We have just reached a huge milestone – 4 million classifications! What does that mean? To make a HiRISE image manageable, the Zooniverse team cut the images up into sub-images, called cutouts. Fans and blotches are identified in each cutout, and when a cutout has been viewed 100 times it is retired.
Four million… I am still amazed at the investment of your time that this represents. I am humbled that you all have invested your free time in this project, a bit of Mars science that delights and fascinates us by its alien nature. I hope that you have enjoyed doing this, enjoyed the pleasure of looking at this unearthly terrain.
On Mars today it is autumn in the southern hemisphere. The CO2 (carbon dioxide) is freezing and/or snowing onto the surface. Over the winter it will anneal into a sheet of translucent slab ice. In a little less than one earth year it will be spring in the southern hemisphere of Mars and we will start our 5th year of observations. Fans will pop out from under the ice like Martian crocuses. Will they be in the same place? Will the winds be stronger or weaker? Will we see any permanent changes in the surface or just the ephemeral seasonal activity?
With your continued efforts we’ll be able to detect long-term trends. As soon as our current collection of cutouts has been analyzed we will add the images from our 4th year of observations. Then we’ll add the 5th year.
Four million… You are awesome!
Planet Four Principal Investigator
Today marks the start of World Space Week which runs from October 4-10. World Space Week is a yearly event to celebrate and promote the exploration of our solar system and beyond. The week is coordinated by the United Nations with the support of the World Space Week Association (WSWA). The start date (October 4, 1957) honors the anniversary of the launch of the world’s first artificial satellite, Sputnik 1. The end date (October 10, 1967) is to commemorate the Treaty on Principles Governing the Activities of States in the Exploration and Peaceful Uses of Outer Space, including the Moon and Other Celestial Bodies.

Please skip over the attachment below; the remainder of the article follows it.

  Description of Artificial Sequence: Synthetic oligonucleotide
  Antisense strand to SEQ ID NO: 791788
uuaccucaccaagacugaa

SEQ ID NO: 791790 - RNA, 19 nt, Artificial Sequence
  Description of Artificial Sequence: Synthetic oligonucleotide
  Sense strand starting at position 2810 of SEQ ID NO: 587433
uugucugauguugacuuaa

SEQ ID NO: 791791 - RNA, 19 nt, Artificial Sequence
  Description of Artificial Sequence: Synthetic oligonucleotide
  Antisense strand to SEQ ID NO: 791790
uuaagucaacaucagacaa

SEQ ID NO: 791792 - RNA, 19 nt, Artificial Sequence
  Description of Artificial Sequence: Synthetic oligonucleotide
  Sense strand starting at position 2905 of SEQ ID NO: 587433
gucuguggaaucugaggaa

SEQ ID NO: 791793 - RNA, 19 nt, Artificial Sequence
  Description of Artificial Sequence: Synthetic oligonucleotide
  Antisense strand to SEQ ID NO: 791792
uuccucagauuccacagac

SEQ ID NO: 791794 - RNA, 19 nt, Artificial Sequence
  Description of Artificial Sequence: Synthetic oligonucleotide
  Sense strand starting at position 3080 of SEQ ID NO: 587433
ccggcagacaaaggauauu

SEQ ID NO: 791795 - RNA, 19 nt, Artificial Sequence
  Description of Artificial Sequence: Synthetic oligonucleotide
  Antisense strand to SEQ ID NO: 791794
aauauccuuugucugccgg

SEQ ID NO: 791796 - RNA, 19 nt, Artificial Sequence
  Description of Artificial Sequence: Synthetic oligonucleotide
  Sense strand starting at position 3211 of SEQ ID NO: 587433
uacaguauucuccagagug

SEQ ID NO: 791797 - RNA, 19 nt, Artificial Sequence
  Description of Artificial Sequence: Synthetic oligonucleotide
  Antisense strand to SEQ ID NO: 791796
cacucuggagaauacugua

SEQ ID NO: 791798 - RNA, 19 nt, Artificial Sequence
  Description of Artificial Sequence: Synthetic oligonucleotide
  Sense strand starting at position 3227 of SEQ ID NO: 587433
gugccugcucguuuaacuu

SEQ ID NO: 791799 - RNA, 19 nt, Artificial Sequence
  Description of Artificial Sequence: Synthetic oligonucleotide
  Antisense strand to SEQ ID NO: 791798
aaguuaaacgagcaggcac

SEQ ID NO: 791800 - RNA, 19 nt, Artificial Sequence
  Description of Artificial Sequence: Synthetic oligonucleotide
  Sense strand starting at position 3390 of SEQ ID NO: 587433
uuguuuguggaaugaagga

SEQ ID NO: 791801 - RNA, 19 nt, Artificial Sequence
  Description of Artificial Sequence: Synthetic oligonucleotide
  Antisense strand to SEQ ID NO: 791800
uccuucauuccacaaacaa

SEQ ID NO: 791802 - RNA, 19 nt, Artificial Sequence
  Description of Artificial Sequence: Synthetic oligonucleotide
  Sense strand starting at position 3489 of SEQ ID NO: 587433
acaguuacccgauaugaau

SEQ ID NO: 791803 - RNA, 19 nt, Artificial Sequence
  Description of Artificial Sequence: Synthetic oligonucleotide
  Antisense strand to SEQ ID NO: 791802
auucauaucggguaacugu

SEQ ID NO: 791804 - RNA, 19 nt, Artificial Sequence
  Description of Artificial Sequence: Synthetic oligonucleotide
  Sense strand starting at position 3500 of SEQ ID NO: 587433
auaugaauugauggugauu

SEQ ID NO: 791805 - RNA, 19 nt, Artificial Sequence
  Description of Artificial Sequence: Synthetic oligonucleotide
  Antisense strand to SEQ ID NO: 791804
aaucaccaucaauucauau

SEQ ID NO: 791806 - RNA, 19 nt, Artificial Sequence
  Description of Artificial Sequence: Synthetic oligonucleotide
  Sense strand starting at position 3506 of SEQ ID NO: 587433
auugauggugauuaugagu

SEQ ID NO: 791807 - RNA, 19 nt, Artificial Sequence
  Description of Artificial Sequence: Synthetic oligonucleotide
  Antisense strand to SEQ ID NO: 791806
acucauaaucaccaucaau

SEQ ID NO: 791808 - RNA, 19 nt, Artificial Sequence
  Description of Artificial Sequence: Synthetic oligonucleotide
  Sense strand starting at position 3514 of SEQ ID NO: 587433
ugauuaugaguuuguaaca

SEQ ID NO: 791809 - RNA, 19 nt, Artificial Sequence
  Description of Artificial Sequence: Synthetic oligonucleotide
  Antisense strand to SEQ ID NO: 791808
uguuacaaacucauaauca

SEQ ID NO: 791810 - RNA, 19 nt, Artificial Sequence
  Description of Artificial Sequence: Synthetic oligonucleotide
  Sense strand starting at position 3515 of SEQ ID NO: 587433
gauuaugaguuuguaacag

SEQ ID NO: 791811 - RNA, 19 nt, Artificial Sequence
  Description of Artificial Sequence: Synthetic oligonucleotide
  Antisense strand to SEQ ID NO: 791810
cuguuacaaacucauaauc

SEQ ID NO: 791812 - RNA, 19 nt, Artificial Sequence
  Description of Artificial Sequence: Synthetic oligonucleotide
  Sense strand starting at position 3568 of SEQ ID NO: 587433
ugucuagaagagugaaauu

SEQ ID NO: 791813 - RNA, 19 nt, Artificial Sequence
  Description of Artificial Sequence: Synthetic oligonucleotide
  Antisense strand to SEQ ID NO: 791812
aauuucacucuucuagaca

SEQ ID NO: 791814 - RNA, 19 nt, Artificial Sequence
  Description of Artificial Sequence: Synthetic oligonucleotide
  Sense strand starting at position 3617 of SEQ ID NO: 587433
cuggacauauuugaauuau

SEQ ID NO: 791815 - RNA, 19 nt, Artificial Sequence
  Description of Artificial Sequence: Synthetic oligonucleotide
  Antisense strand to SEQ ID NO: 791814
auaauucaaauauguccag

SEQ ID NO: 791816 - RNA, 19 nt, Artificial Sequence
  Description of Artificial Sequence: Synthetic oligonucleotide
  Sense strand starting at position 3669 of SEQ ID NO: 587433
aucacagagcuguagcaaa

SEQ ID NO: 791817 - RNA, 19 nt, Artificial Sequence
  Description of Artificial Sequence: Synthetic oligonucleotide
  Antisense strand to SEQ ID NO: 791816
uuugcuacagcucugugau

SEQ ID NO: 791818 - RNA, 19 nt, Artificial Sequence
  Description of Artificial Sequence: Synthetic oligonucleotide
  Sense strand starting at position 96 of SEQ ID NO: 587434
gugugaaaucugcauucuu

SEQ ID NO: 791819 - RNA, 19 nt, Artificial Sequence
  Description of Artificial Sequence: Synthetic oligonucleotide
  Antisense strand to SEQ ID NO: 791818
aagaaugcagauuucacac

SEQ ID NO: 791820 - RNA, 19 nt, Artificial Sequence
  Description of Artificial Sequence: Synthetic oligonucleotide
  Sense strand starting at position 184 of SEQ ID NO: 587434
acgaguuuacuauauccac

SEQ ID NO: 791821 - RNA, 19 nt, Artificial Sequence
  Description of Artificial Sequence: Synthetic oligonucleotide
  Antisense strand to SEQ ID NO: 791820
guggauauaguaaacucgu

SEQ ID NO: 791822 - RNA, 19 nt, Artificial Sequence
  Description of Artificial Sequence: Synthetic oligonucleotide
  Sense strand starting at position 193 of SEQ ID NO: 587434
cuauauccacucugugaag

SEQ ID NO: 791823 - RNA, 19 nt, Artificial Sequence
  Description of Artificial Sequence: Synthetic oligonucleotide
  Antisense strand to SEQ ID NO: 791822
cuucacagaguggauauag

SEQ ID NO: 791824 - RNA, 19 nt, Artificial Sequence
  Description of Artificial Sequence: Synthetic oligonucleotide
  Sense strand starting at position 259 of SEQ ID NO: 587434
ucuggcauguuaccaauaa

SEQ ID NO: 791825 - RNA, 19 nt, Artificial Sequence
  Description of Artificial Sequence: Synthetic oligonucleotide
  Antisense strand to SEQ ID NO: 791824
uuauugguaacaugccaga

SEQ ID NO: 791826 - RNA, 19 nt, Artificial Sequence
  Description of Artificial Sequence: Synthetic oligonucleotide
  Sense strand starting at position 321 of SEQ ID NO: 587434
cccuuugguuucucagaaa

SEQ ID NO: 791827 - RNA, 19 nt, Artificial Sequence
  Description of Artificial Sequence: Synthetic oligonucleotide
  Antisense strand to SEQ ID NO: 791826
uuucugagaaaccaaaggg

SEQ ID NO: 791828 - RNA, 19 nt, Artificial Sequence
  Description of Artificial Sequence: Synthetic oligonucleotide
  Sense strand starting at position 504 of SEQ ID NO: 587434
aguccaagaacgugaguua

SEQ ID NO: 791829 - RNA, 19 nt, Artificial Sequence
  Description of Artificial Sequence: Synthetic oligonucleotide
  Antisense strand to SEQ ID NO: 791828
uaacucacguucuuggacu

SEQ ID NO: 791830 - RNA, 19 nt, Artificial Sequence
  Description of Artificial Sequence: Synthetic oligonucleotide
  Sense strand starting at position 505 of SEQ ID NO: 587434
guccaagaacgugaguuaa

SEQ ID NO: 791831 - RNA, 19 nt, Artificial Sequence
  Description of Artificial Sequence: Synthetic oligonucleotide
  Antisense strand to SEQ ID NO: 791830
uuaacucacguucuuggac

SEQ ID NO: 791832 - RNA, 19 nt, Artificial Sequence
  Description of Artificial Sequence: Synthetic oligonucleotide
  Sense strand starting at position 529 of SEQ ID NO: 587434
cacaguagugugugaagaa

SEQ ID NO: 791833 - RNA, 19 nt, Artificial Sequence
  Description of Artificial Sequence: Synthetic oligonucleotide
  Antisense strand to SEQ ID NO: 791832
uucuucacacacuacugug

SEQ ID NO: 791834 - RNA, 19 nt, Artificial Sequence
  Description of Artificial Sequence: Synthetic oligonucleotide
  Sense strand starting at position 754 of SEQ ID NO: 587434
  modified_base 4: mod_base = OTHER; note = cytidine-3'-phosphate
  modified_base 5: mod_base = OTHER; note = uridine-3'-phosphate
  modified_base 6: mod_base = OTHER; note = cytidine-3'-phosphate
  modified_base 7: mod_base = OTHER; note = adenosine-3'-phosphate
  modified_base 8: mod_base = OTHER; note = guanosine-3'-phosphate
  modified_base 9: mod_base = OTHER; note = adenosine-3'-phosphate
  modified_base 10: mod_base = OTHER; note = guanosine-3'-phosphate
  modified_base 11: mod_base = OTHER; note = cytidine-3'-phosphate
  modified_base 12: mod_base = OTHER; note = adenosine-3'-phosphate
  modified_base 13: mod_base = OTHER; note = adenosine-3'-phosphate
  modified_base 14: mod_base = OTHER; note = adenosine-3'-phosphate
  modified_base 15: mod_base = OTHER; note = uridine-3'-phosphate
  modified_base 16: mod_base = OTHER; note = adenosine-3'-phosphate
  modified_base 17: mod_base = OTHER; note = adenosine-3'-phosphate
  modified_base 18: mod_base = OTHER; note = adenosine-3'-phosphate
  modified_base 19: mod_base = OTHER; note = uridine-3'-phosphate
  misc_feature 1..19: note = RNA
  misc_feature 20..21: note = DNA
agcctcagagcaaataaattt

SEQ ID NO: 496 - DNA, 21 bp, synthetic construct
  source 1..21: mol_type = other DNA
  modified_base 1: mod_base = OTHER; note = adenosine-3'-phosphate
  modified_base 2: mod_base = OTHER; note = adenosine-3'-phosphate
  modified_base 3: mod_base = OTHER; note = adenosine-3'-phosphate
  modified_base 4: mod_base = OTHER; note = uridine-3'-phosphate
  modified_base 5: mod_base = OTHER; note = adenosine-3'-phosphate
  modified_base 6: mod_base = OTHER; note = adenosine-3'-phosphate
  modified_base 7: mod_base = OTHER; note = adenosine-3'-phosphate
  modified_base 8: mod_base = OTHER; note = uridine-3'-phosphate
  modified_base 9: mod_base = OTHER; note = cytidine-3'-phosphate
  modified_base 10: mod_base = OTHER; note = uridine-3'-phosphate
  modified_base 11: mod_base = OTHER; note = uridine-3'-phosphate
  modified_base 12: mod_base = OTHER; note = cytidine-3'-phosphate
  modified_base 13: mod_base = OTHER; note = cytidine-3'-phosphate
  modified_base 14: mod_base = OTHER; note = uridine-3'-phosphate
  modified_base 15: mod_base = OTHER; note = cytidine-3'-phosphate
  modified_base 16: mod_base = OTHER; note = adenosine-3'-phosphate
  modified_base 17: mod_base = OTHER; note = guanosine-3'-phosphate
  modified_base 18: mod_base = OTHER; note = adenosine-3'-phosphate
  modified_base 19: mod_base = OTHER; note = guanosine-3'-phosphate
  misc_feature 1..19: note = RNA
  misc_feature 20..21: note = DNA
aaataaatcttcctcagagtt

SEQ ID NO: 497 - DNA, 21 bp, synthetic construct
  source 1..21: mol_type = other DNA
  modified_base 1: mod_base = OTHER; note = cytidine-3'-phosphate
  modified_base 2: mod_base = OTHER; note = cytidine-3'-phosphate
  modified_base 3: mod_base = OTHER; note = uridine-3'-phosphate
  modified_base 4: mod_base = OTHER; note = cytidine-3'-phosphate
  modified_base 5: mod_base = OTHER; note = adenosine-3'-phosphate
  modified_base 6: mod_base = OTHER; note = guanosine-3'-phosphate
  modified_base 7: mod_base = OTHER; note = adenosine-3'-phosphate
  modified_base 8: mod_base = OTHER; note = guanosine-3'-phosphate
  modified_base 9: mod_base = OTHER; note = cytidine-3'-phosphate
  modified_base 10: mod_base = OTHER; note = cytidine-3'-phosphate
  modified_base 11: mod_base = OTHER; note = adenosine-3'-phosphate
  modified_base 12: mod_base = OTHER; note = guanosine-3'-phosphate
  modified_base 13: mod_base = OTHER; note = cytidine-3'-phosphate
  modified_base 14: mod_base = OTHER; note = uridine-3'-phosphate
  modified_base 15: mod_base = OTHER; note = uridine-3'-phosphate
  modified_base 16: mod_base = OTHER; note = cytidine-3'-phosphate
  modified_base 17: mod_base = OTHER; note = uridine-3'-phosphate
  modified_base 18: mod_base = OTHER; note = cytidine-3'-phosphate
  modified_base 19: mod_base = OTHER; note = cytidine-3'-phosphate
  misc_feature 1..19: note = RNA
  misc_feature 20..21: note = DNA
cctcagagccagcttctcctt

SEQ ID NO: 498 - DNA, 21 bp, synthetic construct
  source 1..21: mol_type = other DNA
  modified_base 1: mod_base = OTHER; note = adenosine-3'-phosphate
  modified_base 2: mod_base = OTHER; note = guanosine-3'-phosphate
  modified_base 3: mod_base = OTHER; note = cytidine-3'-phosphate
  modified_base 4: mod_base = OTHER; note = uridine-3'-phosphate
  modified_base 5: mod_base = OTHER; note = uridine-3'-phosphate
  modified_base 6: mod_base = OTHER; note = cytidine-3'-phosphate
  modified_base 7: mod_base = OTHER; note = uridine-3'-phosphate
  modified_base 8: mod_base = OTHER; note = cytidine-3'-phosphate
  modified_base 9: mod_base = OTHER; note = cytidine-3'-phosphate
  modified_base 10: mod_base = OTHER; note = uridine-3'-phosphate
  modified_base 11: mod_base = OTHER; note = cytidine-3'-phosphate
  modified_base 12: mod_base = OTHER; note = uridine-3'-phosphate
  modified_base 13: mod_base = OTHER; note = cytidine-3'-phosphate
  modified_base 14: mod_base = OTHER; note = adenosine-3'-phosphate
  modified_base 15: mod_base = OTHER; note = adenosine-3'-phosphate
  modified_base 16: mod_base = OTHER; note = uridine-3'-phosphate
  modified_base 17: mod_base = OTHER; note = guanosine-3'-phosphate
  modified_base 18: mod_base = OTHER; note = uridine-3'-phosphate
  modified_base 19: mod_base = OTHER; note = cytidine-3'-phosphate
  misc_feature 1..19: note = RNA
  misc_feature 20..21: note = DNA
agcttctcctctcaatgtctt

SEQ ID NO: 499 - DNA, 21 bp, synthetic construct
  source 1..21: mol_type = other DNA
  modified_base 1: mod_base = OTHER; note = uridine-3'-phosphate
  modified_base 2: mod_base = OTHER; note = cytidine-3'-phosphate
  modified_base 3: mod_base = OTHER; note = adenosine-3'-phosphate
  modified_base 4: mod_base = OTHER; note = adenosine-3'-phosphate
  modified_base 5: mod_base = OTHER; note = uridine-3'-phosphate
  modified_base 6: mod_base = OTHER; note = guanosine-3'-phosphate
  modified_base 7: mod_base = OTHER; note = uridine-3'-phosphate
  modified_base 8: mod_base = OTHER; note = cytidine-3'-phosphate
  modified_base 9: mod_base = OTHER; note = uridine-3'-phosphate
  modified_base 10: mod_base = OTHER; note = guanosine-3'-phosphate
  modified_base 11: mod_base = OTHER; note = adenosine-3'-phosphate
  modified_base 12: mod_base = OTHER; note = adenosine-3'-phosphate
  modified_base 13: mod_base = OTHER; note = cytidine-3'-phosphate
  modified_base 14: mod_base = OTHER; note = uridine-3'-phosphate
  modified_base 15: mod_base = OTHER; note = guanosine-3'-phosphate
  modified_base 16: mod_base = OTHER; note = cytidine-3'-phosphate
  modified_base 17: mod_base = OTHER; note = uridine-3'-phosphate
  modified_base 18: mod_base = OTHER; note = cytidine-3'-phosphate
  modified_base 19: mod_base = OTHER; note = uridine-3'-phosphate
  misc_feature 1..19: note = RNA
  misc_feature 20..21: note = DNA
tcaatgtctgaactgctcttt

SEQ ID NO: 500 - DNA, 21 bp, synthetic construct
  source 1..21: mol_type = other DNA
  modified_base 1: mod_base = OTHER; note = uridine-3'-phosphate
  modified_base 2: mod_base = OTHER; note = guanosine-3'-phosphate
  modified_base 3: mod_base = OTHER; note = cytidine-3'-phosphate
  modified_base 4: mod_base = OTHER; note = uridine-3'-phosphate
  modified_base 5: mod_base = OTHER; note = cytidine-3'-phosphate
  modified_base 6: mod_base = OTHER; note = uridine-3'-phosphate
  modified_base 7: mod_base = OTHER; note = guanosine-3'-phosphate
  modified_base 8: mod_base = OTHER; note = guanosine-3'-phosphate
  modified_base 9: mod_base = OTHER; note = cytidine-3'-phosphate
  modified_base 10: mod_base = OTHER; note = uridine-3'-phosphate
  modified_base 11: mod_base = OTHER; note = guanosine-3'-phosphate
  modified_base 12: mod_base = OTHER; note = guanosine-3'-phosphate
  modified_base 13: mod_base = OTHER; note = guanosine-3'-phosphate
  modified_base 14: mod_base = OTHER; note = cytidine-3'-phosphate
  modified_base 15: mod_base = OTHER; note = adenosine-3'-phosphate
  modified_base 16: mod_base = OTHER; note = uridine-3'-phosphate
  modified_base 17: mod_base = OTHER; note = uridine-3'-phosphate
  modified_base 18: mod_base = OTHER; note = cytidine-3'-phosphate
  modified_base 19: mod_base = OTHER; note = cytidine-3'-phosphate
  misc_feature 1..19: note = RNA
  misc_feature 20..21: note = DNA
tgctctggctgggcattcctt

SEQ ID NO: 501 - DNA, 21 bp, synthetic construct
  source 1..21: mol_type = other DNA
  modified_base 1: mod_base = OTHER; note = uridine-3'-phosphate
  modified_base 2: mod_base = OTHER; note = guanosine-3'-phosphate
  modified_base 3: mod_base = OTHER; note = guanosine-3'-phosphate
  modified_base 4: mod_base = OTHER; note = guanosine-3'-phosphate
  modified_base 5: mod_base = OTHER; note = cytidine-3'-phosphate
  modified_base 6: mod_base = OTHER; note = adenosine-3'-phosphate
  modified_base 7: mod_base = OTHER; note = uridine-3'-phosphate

This year’s theme is ‘Exploring Mars, Discovering Earth.” Here at Planet Four, with your help, we are exploring an alien process. The carbon dioxide geysers that appear at the Martian South Pole in Southern Spring and Summer have no Earthly counterpart. The prevailing winds blow the material uplifted by these geysers into dark fans and blotches seen from orbit on the ice sheet. For the past 4 Martian years, Mars Reconnaissance Orbiter and the HiRISE camera have been imaging the South Pole to explore the seasonal change. With your help marking the blotches and fans in the HiRISE images, we can tally the numbers of fans and blotches, measure their directions and sizes, and compare how these properties change over time in a single year as well as from year to year. With these measurements, we can better understand the processes that form the geysers and impact the Martian climate itself. By studying Mars’ climate we can better understand the similarities and differences between the sister planets.
To celebrate World Space Week, the Planet Four team is hosting a live chat on Wednesday October 9th 6pm EDT/3pm PDT/11pm BST. We’ll be joined by Planet Four Science Team Members: K.-Michael Aye, Ganna (Anya) Portyankina, and Meg Schwamb . We’ll also be joined by special guests Kristin Block and Christian Schaller. Christian is a HiRISE Ground Data System Software Developer, and Kristin is a targeting specialist for the HiRISE camera. We’ll be discussing more about the Planet Four project, how HiRISE works, and the process from commanding HiRISE to the reduced images that you see on Planet Four.
We hope you’ll join us. We’ll be posting the video live here on the blog. If you have questions for the science team or for our special guests Kristin and Christian, you can post them in the comments or tweet us at @planet_four. In the meantime, why not celebrate World Space Week by exploring Mars at planetfour.org